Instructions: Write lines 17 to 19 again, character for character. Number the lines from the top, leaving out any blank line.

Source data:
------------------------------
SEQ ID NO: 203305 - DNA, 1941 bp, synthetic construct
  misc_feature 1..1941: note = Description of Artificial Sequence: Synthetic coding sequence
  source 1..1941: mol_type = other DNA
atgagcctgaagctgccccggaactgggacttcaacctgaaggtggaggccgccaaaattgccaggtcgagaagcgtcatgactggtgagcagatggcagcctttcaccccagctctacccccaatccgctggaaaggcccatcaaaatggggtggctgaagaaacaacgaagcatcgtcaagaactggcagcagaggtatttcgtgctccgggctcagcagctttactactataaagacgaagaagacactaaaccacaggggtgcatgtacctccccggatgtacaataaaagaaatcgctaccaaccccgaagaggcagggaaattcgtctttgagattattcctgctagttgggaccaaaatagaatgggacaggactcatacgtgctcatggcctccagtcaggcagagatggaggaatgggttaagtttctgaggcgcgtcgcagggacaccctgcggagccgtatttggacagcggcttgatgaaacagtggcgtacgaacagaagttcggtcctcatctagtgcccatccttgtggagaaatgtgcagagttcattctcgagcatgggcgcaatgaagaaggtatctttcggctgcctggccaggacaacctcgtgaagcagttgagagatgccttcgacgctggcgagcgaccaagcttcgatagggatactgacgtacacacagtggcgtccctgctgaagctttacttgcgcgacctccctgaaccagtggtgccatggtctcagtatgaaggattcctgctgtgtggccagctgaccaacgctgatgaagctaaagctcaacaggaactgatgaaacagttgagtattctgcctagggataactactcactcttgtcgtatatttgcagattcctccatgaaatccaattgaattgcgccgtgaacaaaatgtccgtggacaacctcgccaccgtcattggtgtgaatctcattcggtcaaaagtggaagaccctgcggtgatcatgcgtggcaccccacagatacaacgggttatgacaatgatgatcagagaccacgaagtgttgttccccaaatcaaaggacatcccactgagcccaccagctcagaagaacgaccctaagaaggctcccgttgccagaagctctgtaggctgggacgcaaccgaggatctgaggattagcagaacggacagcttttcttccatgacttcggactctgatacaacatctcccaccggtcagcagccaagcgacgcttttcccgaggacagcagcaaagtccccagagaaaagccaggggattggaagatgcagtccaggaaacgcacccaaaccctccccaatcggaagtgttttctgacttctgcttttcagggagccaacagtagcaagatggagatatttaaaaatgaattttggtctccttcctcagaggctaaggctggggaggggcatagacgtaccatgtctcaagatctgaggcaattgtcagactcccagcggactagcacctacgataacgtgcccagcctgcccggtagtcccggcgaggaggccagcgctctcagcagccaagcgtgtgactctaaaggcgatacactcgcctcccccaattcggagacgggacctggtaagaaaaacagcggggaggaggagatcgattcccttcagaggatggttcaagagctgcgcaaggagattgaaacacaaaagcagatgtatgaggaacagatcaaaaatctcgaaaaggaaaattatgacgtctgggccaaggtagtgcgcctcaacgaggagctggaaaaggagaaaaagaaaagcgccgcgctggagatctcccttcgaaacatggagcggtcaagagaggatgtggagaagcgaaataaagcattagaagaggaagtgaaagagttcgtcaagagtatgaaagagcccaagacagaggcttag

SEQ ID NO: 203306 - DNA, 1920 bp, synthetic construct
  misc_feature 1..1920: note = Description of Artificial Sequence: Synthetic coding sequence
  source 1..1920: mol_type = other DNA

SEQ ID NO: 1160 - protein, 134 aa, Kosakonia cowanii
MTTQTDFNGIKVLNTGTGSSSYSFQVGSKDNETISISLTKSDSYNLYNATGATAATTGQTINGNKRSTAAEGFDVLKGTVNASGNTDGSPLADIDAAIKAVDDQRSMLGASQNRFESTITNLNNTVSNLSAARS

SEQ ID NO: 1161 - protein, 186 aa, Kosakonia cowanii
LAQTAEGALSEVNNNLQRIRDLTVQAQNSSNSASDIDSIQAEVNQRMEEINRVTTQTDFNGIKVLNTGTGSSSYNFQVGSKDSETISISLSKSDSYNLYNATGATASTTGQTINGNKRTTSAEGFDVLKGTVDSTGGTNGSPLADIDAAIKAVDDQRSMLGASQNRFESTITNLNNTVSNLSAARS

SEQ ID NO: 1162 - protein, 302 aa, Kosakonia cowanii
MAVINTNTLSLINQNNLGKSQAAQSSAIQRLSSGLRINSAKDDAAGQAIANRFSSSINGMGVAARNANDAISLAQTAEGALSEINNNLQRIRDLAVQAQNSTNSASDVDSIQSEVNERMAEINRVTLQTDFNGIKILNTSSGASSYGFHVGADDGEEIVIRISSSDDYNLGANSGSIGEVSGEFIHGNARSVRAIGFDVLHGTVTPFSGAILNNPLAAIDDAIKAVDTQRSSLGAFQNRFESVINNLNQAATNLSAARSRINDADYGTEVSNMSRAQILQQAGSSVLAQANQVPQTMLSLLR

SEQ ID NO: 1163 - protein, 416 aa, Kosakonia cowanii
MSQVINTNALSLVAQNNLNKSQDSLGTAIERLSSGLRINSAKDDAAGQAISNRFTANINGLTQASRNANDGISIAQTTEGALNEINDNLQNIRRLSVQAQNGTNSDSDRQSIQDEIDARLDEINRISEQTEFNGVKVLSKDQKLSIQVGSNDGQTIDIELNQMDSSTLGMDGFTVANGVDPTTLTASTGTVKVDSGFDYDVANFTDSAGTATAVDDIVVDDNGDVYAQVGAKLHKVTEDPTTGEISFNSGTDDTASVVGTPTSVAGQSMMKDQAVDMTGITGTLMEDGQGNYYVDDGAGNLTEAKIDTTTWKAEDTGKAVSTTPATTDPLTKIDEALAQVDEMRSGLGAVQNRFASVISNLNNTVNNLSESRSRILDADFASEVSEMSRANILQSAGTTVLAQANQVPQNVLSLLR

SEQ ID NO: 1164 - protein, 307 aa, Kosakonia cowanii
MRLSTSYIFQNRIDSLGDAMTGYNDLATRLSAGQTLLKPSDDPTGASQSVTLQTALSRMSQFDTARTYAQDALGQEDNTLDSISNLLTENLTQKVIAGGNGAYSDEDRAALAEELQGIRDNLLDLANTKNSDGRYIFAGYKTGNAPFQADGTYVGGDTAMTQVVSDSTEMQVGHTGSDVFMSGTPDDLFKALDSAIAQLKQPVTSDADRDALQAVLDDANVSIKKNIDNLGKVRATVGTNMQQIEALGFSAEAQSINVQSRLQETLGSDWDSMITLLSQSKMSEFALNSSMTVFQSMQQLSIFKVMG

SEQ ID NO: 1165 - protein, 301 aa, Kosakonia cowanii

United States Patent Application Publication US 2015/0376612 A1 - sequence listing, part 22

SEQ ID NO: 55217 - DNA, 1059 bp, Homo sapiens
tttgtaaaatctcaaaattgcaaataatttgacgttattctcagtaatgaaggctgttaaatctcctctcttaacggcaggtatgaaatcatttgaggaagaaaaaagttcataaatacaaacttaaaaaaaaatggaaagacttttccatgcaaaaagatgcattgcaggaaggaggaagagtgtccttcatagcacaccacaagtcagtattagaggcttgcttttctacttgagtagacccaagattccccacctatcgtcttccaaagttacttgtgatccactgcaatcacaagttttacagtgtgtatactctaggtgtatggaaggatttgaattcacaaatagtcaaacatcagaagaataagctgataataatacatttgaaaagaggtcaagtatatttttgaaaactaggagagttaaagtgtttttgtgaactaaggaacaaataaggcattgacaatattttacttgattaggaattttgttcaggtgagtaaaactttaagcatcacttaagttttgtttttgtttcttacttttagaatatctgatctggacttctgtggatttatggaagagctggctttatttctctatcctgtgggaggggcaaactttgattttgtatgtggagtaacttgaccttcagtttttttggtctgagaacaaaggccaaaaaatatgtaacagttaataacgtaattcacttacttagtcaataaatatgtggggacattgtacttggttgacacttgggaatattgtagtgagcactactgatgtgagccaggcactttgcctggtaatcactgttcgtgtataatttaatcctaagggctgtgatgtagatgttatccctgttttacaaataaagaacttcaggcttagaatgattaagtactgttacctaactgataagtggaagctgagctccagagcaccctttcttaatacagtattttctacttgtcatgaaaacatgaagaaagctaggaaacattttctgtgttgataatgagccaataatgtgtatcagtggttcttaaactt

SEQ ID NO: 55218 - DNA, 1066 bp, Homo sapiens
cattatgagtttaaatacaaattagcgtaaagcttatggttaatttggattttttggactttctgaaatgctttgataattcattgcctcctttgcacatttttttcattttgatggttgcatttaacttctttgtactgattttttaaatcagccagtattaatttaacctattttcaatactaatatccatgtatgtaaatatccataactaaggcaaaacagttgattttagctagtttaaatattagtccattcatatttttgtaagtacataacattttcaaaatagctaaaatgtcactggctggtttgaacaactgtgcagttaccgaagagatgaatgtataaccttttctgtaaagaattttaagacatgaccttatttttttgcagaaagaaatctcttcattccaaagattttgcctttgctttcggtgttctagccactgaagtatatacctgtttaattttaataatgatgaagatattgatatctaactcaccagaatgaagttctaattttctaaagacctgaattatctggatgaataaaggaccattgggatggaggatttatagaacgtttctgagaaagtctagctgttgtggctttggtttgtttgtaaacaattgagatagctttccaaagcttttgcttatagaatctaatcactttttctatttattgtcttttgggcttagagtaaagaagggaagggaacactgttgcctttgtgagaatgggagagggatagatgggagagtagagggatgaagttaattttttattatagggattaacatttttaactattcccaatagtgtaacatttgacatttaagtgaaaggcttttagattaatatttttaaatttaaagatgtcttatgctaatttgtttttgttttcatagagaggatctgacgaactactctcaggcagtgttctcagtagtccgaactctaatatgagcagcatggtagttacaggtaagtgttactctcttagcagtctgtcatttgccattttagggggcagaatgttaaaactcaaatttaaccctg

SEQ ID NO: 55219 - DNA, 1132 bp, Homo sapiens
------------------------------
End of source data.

MRLSTSYIFQNRIDSLGDAMTGYNDLATRLSAGQTLLKPSDDPTGASQSVTLQTALSRMSQFDTARTYAQDALGQEDNTLDSISNLLTENLTQKVIAGGNGAYSDEDRAALAEELQGIRDNLLDLANTKNSDGRYIFAGYKTGNAPFQADGTYVGGDTAMTQVVSDSTEMQVGHTGSDVFMSGTPDDLFKALDSAIAQLKQPVTSDADRDALQAVLDDANVSIKKNIDNLGKVRATVGTNMQQIEALGFSAEAQSINVQSRLQETLGSDWDSMITLLSQSKMSEFALNSSMTVFQSMQQLSIFKVMG

SEQ ID NO: 1165 - protein, 301 aa, Kosakonia cowanii

United States Patent Application Publication US 2015/0376612 A1 - sequence listing, part 22